The affect of inoculation with arbuscular mycorhizal fungi on yield and quality of potato under drought stress

Document Type : Full Paper


1 Former M. Sc. Student, Faculty of Agriculture, Zanjan University, Iran

2 Professor, Faculty of Agriculture, Zanjan University, Iran

3 Assistant Professor, Faculty of Agriculture, Jiroft University, Iran

4 Professor, Soil and Water Research Institute, Karaj, Iran


Water scarcity in arid and semi-arid looking like Iran country, including one of the factors limiting the growth and yield of crops. That's why finding suitable solutions for overcoming on stress and increased production of special importance. To study the effect of inoculation with mycorhizal fungi on yield and quality of potato (Solanum tuberosum L.) under drought stress a factorial experiment with randomized complete block design and three replications was performed in greenhouse of Soil Science Department, University of Zanjan, Iran. In this experiment, potato tubers were cultivated in boxes with sandy loam soils. The factors which studied were, four levels of drought stress (FC, 80% of FC, 60% of FC and 40% of FC) and four levels of mycorrhizal fungi (no-inoculation (control), inoculation with Glomus intraradices, inoculation with Glomus mosseae and a combination of them). In this experiment yield and yield components of potato and concentrations of nitrogen, phosphorus, potassium in leaf and tuber were measured. The results of analysis of variance of data showed that the effects of drought stress and mycorrhizal fungi were significant on all measured traits. The drought stress decreased all measured traits except the nitrogen concentrations of potato leaf and tuber. Application of mycorrhizal fungi increased the yield and yield components of potato and concentrations of plant nutrients in plant. The overall results showed that application of mycorrhizal fungi can decrease the adverse effects of drought stress on potato plant. The highest yield of potato at the rate of 4.87 Kg per square meter of 100% of field capacity moisture and inoculated with the fungus G. Mosse, respectively.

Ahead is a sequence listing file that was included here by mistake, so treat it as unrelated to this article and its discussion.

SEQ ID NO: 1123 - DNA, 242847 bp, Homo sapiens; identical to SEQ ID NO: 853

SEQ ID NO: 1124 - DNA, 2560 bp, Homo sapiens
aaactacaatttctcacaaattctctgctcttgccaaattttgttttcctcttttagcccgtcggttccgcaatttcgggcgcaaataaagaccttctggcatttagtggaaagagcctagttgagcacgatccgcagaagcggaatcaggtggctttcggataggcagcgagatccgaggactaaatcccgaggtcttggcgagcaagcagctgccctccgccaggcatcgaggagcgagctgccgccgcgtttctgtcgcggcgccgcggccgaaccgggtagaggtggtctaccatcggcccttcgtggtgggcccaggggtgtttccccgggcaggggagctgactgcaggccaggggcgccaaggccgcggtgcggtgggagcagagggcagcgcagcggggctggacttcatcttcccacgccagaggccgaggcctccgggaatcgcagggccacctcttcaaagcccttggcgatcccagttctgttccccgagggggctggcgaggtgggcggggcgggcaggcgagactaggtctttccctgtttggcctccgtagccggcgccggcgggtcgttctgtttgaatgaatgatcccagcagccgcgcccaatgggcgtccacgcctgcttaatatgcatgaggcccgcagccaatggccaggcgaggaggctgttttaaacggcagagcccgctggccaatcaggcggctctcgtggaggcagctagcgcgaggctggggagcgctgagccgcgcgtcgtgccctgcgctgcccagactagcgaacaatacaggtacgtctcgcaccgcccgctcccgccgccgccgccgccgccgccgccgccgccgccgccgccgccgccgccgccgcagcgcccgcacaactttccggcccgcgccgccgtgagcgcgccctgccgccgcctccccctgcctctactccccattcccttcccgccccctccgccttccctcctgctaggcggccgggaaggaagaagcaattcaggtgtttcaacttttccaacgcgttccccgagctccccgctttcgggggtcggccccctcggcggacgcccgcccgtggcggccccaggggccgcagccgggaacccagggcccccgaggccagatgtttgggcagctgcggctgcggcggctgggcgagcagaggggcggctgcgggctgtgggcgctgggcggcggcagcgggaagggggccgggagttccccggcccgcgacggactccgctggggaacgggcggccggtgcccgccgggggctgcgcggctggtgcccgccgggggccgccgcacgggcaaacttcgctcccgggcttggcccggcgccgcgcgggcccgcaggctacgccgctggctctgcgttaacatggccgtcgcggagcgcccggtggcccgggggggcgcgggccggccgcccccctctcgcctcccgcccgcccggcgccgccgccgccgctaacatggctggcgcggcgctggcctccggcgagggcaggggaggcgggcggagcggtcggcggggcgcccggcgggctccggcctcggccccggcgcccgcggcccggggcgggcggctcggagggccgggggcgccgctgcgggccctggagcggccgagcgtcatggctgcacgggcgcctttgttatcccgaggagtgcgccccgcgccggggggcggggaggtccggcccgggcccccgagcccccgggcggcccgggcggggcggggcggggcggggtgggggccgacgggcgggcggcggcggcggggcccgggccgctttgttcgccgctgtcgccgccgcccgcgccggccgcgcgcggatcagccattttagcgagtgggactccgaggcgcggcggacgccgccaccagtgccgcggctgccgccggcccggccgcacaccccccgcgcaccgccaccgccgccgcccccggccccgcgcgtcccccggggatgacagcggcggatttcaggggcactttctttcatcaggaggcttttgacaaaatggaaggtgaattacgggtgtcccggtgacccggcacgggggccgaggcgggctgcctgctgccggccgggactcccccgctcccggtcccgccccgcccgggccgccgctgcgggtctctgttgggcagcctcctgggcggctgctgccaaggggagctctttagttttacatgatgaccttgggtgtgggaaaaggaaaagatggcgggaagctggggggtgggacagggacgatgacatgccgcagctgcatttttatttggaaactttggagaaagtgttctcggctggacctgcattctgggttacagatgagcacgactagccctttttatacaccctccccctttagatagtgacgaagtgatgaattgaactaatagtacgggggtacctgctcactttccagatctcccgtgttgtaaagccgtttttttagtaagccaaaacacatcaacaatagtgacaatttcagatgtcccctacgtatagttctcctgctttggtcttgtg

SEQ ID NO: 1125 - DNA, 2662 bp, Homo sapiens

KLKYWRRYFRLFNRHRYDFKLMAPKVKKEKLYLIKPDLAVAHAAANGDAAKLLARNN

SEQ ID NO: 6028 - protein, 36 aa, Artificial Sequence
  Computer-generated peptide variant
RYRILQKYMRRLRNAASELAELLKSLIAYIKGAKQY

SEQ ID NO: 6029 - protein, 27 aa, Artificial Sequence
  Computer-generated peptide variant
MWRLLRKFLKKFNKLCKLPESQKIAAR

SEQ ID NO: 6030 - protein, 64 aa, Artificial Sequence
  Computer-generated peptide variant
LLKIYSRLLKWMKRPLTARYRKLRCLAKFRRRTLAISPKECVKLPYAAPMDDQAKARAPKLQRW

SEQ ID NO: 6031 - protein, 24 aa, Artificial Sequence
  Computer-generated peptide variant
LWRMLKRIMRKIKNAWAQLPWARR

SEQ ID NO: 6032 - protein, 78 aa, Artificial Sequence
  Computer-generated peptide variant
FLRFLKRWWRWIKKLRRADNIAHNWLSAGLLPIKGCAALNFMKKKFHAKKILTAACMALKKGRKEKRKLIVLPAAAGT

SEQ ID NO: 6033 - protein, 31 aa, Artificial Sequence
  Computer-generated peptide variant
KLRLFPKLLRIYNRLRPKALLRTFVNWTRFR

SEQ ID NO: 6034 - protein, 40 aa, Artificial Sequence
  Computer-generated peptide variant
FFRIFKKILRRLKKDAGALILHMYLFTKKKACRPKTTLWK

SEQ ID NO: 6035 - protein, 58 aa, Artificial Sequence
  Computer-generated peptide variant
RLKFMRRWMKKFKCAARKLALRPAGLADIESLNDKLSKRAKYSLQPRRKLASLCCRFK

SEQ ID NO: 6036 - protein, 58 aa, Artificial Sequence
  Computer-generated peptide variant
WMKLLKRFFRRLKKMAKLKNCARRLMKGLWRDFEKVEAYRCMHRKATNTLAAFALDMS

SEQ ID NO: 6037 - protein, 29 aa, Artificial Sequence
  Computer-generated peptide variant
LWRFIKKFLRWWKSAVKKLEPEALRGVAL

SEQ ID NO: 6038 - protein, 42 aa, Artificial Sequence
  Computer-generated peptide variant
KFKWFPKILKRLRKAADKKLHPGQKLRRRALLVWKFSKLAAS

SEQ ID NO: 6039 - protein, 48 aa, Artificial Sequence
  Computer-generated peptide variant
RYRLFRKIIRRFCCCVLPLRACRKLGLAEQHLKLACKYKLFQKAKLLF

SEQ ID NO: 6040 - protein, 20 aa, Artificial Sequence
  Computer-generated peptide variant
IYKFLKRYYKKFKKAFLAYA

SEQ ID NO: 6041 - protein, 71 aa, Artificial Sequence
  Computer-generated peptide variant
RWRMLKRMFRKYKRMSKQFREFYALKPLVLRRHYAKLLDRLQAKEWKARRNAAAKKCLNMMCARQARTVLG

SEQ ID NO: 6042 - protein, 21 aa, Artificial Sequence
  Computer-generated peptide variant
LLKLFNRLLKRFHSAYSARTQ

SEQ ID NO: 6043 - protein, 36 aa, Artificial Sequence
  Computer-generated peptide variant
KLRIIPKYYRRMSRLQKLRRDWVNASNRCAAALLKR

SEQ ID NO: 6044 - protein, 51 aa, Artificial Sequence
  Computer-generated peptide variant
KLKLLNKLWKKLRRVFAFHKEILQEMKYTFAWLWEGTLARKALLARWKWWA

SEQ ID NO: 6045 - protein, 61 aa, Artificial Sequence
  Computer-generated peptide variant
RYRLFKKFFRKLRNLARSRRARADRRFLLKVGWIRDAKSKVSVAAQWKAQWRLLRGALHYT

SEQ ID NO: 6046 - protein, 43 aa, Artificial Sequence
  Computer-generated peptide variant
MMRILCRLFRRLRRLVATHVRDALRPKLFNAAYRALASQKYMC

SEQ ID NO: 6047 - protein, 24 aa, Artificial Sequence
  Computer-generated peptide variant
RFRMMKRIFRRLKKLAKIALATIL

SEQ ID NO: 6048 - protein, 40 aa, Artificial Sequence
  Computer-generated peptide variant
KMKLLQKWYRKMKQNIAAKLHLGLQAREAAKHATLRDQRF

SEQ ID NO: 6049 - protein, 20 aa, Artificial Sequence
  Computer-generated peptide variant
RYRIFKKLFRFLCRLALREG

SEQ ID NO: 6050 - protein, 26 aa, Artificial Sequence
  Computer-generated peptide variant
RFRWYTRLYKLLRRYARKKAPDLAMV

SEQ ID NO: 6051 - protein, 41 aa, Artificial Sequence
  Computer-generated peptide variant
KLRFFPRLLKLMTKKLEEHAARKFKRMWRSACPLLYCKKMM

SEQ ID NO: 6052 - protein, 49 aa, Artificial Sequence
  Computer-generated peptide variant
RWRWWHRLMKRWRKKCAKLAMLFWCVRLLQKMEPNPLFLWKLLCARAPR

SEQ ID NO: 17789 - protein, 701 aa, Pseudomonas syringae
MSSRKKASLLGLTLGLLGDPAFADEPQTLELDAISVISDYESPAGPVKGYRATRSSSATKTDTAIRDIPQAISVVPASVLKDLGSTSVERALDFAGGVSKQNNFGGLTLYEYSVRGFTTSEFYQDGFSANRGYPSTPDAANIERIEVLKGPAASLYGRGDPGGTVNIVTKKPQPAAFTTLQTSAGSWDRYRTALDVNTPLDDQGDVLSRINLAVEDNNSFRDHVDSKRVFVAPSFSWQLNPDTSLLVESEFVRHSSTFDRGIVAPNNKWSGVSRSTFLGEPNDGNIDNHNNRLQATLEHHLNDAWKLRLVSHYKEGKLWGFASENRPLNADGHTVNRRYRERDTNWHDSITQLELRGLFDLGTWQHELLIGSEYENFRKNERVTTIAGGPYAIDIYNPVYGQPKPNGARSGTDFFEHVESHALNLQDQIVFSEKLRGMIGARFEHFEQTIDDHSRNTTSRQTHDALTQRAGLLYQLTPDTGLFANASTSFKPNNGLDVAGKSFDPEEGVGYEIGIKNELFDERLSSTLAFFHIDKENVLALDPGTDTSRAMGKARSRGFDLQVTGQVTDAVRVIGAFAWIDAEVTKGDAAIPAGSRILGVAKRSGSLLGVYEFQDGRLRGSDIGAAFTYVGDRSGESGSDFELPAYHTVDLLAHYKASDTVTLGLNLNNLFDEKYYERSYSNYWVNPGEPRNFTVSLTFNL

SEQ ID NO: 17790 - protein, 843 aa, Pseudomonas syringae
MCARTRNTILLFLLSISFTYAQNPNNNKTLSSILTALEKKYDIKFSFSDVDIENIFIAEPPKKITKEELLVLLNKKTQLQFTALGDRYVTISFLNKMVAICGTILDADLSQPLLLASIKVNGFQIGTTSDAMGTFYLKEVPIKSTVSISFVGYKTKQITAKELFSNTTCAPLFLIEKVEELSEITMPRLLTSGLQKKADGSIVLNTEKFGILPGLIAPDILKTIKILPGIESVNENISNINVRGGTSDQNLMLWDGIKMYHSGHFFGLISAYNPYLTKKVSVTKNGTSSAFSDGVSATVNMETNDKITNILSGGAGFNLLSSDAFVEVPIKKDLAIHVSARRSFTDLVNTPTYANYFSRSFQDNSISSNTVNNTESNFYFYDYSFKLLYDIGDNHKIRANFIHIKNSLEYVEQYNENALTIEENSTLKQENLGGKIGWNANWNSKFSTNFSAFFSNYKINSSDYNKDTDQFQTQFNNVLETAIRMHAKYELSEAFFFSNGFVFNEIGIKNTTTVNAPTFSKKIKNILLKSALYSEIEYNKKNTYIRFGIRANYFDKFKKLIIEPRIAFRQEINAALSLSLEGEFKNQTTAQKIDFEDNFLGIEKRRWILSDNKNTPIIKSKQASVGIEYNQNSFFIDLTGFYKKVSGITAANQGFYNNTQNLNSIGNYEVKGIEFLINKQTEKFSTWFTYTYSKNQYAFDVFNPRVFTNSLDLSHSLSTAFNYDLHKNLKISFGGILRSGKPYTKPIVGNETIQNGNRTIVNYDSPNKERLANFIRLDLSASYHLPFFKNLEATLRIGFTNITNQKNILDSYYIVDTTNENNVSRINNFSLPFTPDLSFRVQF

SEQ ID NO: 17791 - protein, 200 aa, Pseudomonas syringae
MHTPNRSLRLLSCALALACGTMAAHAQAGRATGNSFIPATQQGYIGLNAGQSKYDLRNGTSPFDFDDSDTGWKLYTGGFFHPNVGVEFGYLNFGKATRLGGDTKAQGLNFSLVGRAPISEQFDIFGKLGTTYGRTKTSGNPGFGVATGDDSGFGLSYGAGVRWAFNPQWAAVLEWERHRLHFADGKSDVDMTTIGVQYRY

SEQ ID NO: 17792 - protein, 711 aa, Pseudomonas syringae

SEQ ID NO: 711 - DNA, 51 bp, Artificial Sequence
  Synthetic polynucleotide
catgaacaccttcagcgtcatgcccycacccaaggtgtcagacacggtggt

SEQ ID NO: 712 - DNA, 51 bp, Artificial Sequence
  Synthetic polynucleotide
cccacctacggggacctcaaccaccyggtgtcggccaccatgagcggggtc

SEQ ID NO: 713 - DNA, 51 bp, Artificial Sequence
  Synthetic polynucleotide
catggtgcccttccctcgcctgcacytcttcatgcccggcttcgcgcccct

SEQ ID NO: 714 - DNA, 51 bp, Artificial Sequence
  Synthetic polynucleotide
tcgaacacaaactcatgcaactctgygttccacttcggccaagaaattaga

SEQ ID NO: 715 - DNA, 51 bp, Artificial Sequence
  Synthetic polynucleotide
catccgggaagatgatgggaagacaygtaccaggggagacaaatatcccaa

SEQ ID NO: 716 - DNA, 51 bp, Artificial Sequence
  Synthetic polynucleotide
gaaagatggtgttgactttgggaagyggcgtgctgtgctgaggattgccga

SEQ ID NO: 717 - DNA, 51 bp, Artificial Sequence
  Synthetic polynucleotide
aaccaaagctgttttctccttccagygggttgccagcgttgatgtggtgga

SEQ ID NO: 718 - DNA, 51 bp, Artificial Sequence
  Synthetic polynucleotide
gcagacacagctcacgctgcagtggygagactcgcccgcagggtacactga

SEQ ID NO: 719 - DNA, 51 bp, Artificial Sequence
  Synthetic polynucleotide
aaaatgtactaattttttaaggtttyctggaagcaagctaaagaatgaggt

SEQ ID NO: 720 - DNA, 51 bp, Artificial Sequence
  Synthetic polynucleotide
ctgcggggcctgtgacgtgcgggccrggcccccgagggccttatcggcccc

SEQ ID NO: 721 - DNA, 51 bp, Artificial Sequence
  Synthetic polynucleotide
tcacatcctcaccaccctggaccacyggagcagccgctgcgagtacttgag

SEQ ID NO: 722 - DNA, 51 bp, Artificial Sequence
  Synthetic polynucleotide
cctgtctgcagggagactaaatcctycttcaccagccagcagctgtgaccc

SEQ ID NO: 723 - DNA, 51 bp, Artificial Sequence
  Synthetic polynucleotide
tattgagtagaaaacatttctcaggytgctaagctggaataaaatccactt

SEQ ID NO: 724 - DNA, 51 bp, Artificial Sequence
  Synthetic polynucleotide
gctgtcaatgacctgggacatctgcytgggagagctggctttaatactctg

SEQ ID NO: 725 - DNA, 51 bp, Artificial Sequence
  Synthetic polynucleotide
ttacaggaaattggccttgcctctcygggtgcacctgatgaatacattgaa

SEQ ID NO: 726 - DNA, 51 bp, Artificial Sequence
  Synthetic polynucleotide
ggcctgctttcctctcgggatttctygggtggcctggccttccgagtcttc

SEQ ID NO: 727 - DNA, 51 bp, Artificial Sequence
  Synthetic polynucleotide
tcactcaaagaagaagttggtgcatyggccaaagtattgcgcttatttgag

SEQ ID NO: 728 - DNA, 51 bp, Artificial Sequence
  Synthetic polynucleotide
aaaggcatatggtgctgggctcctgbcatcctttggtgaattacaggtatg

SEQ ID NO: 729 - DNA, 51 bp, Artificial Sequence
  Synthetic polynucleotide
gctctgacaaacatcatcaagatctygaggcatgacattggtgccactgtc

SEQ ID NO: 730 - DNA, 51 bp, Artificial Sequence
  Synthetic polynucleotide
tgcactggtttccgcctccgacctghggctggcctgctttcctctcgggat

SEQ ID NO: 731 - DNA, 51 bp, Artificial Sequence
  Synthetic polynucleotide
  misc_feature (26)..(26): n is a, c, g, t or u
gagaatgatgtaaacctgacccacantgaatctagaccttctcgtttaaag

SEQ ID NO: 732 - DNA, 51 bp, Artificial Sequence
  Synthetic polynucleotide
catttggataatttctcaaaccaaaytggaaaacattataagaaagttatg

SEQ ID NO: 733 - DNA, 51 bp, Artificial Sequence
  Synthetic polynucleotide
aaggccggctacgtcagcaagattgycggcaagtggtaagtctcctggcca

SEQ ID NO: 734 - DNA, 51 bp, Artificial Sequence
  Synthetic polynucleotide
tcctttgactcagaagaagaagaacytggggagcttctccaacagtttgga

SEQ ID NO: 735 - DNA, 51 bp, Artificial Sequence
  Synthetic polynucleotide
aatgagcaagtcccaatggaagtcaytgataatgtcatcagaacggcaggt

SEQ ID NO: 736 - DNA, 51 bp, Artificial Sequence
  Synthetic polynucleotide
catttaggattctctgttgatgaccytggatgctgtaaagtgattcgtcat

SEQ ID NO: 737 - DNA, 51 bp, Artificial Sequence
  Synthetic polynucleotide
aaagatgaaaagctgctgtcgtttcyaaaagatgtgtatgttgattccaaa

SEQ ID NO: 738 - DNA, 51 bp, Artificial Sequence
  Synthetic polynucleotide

Main Subjects

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